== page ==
A Story About a Boy January 26, 2011Posted by Toy Lady in Home, mirth & woe, Musings, random stuff, Surly Boy.
Tags: memory, sad story
One evening a while ago, Peeps and I were relaxing, enjoying our regular putting-up-of-our-feet and watching some TV, when the phone rang.
Now that Surly Boy wasn’t home anymore (he’d already gone to The Place at this point) and the majority of his friends knew that he wasn’t here, we didn’t get many phone calls – other than telemarketers, that is. Sure, even now, we still get an occasional out-of-the-loop friend, but those are few and far between.
When the phone rang that night, we checked the caller ID – an “unknown number” from an unfamiliar area code. Obviously no one we knew, so we drew straws (or maybe it was rock-paper-scissors) to see which one of us would get rid of the likely telemarketer.
I lost, so I went ahead and answered the phone.
And, surprisingly, it was a young male voice asking for Surly Boy.
Now obviously, this can’t be one of The Boy’s inner circle; he’d been at his grandparents’ house for a while even before he went to The Place – he hadn’t actually been living at home for months. That, and he’d had a cell phone – and his own number – for even longer.
Of course, being the responsible, efficient person I am, I politely asked if I could give the Boy a message – was there a number I could pass on?
Then the young man started talking to me.
I don’t know if you remember me or not – my name is Mike. I used to live by you when you were in the apartment up there in Greece. I found Surly Boy‘s name and phone number in a book from back then, and I was hoping he was still at this number.
Wow. Surprisingly, although I never knew him well, I did remember young Mike. He was about the same age as The Boy – maybe a year younger. They were in middle school together – so they would have been, what? 11 or 12?
Mike was such a nice boy – so bright, so courteous, and I had always felt kind of sorry for him.
He was the oldest in his family – he had, oh, three or four younger siblings.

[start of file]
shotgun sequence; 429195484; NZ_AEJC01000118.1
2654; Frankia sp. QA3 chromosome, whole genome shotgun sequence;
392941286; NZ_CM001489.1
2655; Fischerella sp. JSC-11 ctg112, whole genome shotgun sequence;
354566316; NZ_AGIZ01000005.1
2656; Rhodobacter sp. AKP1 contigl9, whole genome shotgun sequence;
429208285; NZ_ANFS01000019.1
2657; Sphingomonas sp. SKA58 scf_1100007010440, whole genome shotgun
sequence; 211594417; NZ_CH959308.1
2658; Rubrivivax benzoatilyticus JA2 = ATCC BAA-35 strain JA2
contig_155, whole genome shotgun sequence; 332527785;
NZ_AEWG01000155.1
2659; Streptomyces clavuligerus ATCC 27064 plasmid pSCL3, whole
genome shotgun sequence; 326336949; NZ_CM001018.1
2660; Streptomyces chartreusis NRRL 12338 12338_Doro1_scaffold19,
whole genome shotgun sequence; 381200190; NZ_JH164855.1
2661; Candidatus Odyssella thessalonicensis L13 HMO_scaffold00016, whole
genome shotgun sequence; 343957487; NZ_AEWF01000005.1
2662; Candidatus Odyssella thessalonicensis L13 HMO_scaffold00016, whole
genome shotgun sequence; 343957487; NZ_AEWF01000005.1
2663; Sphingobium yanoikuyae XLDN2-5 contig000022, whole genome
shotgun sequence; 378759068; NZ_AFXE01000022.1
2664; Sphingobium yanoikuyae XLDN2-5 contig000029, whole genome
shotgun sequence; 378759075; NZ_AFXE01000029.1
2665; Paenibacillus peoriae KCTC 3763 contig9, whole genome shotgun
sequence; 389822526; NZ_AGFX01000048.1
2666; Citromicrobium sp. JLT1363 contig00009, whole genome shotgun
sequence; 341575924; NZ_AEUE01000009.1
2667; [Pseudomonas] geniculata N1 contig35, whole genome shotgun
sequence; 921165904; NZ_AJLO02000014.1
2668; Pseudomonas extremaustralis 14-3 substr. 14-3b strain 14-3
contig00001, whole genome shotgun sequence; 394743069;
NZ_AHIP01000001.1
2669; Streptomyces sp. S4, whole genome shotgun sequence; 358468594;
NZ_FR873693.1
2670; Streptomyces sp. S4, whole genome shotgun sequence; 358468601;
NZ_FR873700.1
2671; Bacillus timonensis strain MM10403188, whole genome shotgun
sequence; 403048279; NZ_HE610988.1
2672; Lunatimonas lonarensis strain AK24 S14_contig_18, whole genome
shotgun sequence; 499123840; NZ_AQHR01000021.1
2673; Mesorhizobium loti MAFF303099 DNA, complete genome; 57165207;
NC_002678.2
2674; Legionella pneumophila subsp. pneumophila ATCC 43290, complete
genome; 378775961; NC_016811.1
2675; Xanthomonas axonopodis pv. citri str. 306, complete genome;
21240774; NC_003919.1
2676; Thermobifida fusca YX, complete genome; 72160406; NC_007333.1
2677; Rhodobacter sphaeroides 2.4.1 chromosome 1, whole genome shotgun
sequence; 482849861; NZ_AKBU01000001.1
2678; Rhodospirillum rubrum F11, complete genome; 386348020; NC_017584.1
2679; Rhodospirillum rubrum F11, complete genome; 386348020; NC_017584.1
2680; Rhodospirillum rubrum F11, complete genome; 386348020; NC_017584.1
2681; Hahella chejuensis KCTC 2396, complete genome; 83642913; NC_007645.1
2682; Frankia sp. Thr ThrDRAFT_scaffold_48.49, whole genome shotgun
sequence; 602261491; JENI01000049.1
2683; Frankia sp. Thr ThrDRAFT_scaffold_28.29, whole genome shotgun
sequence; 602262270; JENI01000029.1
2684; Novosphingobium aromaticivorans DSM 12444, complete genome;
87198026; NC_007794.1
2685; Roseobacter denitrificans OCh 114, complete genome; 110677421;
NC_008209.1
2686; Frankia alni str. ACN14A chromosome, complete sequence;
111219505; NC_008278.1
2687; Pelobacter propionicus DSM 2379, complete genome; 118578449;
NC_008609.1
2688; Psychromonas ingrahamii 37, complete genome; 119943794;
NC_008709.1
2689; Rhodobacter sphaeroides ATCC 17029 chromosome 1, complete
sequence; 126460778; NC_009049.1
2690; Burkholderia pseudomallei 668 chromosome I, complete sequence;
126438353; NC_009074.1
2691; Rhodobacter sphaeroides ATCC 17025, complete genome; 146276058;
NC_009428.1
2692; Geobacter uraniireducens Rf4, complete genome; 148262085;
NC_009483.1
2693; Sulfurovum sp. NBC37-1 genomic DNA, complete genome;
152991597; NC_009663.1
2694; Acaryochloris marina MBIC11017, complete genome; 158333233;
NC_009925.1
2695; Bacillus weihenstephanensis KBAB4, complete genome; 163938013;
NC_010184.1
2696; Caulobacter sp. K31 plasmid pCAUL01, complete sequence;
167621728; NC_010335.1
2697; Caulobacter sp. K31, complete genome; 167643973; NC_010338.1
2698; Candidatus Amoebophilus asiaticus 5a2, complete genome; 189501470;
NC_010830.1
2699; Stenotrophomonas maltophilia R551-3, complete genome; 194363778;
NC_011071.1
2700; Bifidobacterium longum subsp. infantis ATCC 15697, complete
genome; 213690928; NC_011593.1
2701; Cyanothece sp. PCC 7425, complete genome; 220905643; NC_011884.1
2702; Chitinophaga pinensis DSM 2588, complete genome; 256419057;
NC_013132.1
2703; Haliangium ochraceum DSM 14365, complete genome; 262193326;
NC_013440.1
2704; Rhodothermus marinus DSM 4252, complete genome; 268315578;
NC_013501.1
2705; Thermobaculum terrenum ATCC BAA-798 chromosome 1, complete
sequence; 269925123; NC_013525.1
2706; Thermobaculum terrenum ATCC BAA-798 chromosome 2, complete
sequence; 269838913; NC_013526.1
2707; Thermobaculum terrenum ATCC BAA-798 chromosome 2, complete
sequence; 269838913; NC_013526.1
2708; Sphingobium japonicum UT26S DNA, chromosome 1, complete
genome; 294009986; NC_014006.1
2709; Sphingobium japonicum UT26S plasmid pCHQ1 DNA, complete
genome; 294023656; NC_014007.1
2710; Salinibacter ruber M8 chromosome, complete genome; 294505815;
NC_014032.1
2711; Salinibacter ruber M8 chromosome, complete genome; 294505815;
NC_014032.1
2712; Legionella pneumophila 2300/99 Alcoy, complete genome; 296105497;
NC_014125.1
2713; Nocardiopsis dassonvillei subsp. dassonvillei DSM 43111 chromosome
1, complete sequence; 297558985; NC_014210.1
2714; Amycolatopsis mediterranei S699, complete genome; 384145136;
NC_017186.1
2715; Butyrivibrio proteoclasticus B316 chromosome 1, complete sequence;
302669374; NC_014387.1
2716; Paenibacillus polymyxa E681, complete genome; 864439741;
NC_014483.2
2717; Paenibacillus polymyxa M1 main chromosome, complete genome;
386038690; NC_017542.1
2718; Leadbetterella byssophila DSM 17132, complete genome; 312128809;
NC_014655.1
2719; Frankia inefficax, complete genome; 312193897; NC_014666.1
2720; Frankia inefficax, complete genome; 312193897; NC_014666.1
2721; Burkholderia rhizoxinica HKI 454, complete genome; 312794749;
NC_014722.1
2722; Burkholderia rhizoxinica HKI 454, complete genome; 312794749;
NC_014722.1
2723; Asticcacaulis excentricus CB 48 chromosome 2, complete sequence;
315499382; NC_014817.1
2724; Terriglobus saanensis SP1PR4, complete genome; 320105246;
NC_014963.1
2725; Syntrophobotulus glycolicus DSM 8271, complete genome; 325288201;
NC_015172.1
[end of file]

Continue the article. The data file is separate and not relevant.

And his mother had. . . problems. Medication-requiring problems. I only met her a few times, mostly when I was hunting down my own kid for dinner or scouts or something.
Here’s the thing. This lady had a houseful of kids – most of them severely disabled – and she was enormously pregnant with yet another.
And a middle-school oldest boy who didn’t suffer those problems, but wasn’t able to enjoy being a middle-school boy because he went home every day and took over for his mother in the care and feeding of his siblings. It just seemed so . . . bleak.
Although I didn’t know this boy well, I’ve thought of him off and on over the years, wondering what ever happened to him.
And then we talked for a little while.
It seems that young Mike’s life got much worse after we knew him. The family moved around quite a bit, and apparently some of the “medications” mom was on weren’t exactly, um, prescription drugs, and they did not interact well with the ones that were. Mike took on more and more of the responsibility for the smaller children, and Mom (and, evidently, Mom’s boyfriend) became violent and abusive to the point where eventually all the kids were taken from the home.
And Mike, now an angry teenager (boy, do we know how THAT goes or what?) ended up with an uncle in another state.
From whom he ran away and got himself into some trouble of the legal sort. He didn’t say exactly what, and I didn’t ask.
Ultimately, Mike met someone who persuaded him to enlist in the Marines. And he loved it – it had changed his life.
And he was calling because he didn’t have anyone else to call – he was going to be shipping out to Afghanistan sometime within the next six months and, I think, wanted someone – anyone – to tell.
I told him how proud I was of him – and how I wished that I’d been able to do something – anything – for him when he needed a mom.
And I still think of this boy now and then, and I wonder what’s happened to him.